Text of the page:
Recently I have become aware of the existence of a new zine geared towards hackers and expert programmer. It is called Paged Out! and is freely available from their website. The zine is the brainchild of Gynvael Colwind (probably not his real name) and has so far seen two issues released: in August and November. After playing through the Zachtronics game Exapunks I am amazed somebody has actually set up a hacker zine. It is definitely very old-school.
According to their submissions page they seek articles on programming tricks, InfoSec, reverse engineering, OS internals, retro, hacking and more. Reading through the first two issues I definitely believe they have succeeded. Gynvael and his close colleagues who cooperated have something to be proud of.
Not easy to understand – would you want it to be?
Reading through the magazine is not for the faint hearted. This is not 2600: The Hacker Quarterly in which exploits are made easy to understand with examples and text. In Paged Out! the text is minimal and to the point and the articles rely on the reader to already have a firm understanding of programming and algorithms. In more than one article there are examples written in Assembly. I have only superficial experience with this low-level language and as such felt daunted to even read them. As such not every article is useful for everyone, but at least you can see everything as a challenge to further your own knowledge.
Two very interesting articles
One article in particular that captivated me was by Conor Tyler. In it he explains what a quine is – something I had never heard of. A quine is a program that can print its own source code – not an easy task if you read through the article. It is harder still to use that printed source code as a level for a game – in this case Snake – and have the program compile itself. The idea of a quine is somewhat similar to minifying code. To top it off the source code for quinesnake are printed out at the top of the page!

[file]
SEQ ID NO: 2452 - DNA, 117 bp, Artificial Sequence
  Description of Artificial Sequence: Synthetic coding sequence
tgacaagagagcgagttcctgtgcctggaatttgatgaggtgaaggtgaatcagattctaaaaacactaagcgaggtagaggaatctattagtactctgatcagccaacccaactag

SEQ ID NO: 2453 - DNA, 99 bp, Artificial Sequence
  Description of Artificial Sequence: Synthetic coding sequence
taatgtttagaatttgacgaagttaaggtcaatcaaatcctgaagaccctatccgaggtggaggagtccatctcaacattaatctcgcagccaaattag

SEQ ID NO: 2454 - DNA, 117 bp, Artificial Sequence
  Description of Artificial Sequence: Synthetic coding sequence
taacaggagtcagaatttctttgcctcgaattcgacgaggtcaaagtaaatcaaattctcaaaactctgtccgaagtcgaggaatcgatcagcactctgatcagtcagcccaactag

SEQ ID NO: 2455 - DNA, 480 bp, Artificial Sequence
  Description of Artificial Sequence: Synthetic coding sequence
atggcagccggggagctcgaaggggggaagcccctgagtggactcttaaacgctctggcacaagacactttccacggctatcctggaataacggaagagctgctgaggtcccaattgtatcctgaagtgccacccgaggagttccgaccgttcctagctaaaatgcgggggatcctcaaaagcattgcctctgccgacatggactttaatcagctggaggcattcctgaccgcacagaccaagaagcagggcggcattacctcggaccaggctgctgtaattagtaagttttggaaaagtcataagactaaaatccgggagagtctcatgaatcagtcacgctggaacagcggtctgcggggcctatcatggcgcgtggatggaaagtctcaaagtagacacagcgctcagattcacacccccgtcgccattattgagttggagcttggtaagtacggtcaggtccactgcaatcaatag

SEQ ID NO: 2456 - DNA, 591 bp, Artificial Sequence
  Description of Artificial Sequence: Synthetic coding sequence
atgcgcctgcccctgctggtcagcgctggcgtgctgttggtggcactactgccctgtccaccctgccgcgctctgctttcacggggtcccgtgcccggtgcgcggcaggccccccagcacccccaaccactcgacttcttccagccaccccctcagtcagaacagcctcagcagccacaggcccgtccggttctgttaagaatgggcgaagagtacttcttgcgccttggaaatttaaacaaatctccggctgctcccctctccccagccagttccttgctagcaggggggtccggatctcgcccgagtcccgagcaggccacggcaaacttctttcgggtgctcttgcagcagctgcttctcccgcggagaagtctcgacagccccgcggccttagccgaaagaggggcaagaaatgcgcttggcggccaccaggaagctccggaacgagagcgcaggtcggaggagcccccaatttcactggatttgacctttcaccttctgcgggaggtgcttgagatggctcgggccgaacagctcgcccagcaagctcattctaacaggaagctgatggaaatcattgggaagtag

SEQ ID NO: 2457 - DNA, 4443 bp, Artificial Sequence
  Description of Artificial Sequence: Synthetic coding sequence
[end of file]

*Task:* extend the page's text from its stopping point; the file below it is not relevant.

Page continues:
Another article explains the use of the Barnes-Hut algorithm. The author Emile explains its application in research on the effect of gravity from far away stars. The algorithm can be used to group distant objects together and treat them as one. It may reduce accuracy of computing just a little bit but as the objects are distant the effects are minimal. However, computation should speed up by a factor of several thousand – depending on the problem of course.
Final thoughts on Paged Out!
And so there it is. A new hacker zine. For even a casual hacker there is plenty to read. At over 60 pages neither issue is trivial. I would also like to give a shout to the cover artists – ReFiend on issue 1 and Vlad Gradobyk on issue 2. The covers are gorgeous to look at. The website of Paged Out! mentions they have no particular business model and they do not seek to make a profit. There are a number of non-intrusive ads throughout the magazine.
There is one gripe I have with this magazine. So far I have not been able to print issue 2 due to an issue with the PDF due to a desktop publishing issue. There is mention of this one their site and they are working on a fix. As I like to cover more than just Science Fiction on this blog I will add Paged Out! to the list of things I review on a regular basis. If the rules of time and space hold issue 3 should be released sometime late February.